Abuse of police powers (UK) – a growing problem?

Are the police in the UK going beyond their powers in attempting to restrict the ability of journalists to do their work? Watch the NUJ video in this article and make up your own mind.

See the full article and video.

The video was released the day after the British Trades Union Congress (TUC) in Brighton unanimously backed an NUJ motion calling for a rethink of government policies that put journalists at risk of imprisonment just for doing their job.

The NUJ’s motion to the TUC is part of a campaign for greater recognition of press freedom. It highlights cases like those of Robin Ackroyd and Shiv Malik, who have faced the threat of jail because of legal demands to reveal confidential source information.

In his speech to the Congress, NUJ General Secretary Jeremy Dear said, “The terrorising of journalists isn’t just by shadowy men in balaclavas, but also by governments and organisations that use the apparatus of the law or state authorities to suppress and distort the information they do not want the public to know, and to terrorise the journalists involved through injunctions, threats to imprisonment and financial ruin.

“The use of the Terrorism Act and SOCPA increasingly criminalise not just those who protest but those deemed to be giving the oxygen of publicity to such dissent. Journalists’ materials and their sources are increasingly targeted by those who wish to pull a cloak of secrecy over their actions.”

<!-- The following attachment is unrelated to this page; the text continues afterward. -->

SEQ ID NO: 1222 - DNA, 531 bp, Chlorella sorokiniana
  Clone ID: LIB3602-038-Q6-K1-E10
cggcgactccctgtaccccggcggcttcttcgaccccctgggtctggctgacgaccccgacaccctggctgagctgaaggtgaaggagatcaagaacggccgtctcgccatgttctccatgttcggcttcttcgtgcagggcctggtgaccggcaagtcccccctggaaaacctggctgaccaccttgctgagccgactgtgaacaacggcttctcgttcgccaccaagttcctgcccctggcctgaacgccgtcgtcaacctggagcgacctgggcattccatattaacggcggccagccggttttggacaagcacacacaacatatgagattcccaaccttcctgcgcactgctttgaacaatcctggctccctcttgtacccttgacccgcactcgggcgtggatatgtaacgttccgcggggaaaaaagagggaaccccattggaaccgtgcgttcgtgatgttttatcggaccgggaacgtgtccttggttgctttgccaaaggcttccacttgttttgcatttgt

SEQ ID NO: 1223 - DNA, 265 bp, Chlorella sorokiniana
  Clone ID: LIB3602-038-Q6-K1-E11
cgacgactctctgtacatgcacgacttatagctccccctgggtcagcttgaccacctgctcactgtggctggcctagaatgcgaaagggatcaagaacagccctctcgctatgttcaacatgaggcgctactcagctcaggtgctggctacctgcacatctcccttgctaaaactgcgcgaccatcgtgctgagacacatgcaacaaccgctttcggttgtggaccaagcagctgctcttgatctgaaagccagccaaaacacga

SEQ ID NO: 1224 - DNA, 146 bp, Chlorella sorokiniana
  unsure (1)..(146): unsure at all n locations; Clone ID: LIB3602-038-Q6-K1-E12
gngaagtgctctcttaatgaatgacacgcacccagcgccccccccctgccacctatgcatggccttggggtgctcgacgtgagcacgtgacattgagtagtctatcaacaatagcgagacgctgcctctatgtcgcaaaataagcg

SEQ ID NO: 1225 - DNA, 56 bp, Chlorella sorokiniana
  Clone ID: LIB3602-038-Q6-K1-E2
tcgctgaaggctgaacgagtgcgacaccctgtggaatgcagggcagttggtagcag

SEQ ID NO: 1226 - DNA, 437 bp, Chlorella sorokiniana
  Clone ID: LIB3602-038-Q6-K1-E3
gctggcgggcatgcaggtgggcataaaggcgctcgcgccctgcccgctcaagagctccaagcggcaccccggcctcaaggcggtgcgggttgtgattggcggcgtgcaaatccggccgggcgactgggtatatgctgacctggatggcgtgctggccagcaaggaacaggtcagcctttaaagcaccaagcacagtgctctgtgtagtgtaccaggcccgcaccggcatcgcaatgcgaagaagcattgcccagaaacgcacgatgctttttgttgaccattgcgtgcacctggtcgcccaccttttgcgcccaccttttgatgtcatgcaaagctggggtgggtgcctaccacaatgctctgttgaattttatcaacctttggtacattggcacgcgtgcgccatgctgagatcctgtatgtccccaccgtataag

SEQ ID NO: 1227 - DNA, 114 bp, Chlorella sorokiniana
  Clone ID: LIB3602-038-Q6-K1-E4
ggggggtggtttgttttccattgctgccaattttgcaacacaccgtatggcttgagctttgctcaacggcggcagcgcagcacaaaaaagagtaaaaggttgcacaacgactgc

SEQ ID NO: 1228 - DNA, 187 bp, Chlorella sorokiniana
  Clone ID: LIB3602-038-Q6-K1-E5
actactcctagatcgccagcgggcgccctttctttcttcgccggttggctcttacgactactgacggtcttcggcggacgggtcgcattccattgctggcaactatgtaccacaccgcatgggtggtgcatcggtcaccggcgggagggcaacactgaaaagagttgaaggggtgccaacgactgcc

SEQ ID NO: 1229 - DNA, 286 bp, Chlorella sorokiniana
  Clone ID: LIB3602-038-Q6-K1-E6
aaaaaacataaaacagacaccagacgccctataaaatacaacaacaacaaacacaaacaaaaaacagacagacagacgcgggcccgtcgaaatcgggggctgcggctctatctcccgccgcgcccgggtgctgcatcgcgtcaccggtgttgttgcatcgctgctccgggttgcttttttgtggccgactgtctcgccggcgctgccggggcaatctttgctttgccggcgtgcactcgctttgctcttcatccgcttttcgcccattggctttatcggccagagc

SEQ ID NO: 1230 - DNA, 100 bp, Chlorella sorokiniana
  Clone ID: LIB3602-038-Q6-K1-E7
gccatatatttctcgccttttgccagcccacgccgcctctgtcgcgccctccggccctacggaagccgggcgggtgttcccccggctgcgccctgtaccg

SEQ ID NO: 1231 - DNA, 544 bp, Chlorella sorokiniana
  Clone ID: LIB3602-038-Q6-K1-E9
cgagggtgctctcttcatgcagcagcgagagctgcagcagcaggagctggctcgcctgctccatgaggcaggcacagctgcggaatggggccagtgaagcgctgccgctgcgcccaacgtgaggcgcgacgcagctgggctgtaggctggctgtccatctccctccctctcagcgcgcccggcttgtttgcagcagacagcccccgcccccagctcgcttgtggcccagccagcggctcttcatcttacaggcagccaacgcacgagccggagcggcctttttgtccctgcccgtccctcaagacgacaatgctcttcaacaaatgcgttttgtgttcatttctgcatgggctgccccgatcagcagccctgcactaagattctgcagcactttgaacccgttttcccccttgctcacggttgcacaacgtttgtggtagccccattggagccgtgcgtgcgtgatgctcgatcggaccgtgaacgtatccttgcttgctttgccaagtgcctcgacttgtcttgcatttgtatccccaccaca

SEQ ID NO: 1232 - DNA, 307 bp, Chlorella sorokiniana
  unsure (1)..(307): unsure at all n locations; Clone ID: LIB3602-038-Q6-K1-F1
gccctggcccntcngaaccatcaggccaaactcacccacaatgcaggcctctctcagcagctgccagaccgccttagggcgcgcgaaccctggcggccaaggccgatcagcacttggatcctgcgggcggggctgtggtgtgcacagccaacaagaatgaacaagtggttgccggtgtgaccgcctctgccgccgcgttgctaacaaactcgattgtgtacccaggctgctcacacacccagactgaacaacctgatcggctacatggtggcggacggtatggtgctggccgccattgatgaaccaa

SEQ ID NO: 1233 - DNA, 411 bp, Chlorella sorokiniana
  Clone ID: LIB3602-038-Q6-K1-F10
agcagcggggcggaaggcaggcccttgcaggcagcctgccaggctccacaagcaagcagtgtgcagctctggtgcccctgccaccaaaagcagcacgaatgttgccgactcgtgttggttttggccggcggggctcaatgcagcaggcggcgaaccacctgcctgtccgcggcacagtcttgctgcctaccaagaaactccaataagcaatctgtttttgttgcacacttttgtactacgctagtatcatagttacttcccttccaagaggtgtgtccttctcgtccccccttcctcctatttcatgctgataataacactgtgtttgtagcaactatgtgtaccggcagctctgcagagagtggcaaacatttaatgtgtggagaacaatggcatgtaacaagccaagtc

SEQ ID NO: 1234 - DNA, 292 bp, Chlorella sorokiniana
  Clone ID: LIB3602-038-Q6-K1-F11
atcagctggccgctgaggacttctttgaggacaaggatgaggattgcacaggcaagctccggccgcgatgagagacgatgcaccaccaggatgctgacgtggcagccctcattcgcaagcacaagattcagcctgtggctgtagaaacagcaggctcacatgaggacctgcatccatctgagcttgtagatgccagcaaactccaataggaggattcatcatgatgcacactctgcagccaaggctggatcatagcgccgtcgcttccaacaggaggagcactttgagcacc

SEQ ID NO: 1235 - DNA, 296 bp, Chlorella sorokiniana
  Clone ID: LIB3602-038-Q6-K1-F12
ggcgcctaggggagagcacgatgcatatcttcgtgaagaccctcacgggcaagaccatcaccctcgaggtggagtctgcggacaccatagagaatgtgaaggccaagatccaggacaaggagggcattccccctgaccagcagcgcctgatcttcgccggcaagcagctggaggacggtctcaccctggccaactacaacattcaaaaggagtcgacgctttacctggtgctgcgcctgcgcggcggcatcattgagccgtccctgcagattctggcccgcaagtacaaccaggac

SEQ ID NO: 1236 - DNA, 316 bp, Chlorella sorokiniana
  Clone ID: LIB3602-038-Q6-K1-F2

The speech concluded: “This isn’t over-zealous policing, this is a coordinated and systematic abuse of media freedom – and we must expose it, challenge it and act against those who undermine the rights of photographers, journalists and media workers.”

Statewatch analysis – damaging attack on media

This Statewatch analysis of 17 Feb 2009 examines the damaging attack on the media of new police powers and practices, and calls for urgent police training on guidelines and legislation to protect journalists.

The fact that journalists, and especially photographers, are routinely impeded and monitored by police surveillance units is caused, in part, by the police force’s inadequate understanding of the law. But there has also been a far more systematic targeting of the media and those who attempt to publicise legitimate democratic protest.

Read the full story.